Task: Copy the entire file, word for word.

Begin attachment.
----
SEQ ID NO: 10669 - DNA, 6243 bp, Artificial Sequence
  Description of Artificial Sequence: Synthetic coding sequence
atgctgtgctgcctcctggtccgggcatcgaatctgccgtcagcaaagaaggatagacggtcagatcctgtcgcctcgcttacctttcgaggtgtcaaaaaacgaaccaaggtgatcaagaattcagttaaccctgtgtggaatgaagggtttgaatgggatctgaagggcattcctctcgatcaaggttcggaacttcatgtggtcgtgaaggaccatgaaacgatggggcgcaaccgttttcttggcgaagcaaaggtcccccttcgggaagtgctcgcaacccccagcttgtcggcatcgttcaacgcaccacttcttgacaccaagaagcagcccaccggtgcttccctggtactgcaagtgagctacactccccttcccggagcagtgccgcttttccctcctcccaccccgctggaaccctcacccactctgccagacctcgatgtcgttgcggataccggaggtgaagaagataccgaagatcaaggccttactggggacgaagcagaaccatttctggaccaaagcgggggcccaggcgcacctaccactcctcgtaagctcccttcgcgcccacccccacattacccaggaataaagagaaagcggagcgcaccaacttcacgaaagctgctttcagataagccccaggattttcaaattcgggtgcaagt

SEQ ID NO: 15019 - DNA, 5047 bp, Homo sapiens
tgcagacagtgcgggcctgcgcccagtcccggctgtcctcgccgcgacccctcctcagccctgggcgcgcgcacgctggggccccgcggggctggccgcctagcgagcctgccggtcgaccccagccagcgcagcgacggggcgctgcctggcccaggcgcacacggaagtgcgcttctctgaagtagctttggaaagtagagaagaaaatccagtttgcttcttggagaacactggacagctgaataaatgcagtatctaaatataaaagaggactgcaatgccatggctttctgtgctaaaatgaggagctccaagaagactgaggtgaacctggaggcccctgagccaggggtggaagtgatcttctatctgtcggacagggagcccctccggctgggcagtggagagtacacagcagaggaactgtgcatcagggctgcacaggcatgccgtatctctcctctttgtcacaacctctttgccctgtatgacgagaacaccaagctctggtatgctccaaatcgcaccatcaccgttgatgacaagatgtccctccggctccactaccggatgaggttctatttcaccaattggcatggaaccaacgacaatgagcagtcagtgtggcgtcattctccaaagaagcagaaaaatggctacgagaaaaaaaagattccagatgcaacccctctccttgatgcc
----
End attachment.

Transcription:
SEQ ID NO: 10669 - DNA, 6243 bp, Artificial Sequence
  Description of Artificial Sequence: Synthetic coding sequence
atgctgtgctgcctcctggtccgggcatcgaatctgccgtcagcaaagaaggatagacggtcagatcctgtcgcctcgcttacctttcgaggtgtcaaaaaacgaaccaaggtgatcaagaattcagttaaccctgtgtggaatgaagggtttgaatgggatctgaagggcattcctctcgatcaaggttcggaacttcatgtggtcgtgaaggaccatgaaacgatggggcgcaaccgttttcttggcgaagcaaaggtcccccttcgggaagtgctcgcaacccccagcttgtcggcatcgttcaacgcaccacttcttgacaccaagaagcagcccaccggtgcttccctggtactgcaagtgagctacactccccttcccggagcagtgccgcttttccctcctcccaccccgctggaaccctcacccactctgccagacctcgatgtcgttgcggataccggaggtgaagaagataccgaagatcaaggccttactggggacgaagcagaaccatttctggaccaaagcgggggcccaggcgcacctaccactcctcgtaagctcccttcgcgcccacccccacattacccaggaataaagagaaagcggagcgcaccaacttcacgaaagctgctttcagataagccccaggattttcaaattcgggtgcaagt

SEQ ID NO: 15019 - DNA, 5047 bp, Homo sapiens
tgcagacagtgcgggcctgcgcccagtcccggctgtcctcgccgcgacccctcctcagccctgggcgcgcgcacgctggggccccgcggggctggccgcctagcgagcctgccggtcgaccccagccagcgcagcgacggggcgctgcctggcccaggcgcacacggaagtgcgcttctctgaagtagctttggaaagtagagaagaaaatccagtttgcttcttggagaacactggacagctgaataaatgcagtatctaaatataaaagaggactgcaatgccatggctttctgtgctaaaatgaggagctccaagaagactgaggtgaacctggaggcccctgagccaggggtggaagtgatcttctatctgtcggacagggagcccctccggctgggcagtggagagtacacagcagaggaactgtgcatcagggctgcacaggcatgccgtatctctcctctttgtcacaacctctttgccctgtatgacgagaacaccaagctctggtatgctccaaatcgcaccatcaccgttgatgacaagatgtccctccggctccactaccggatgaggttctatttcaccaattggcatggaaccaacgacaatgagcagtcagtgtggcgtcattctccaaagaagcagaaaaatggctacgagaaaaaaaagattccagatgcaacccctctccttgatgcc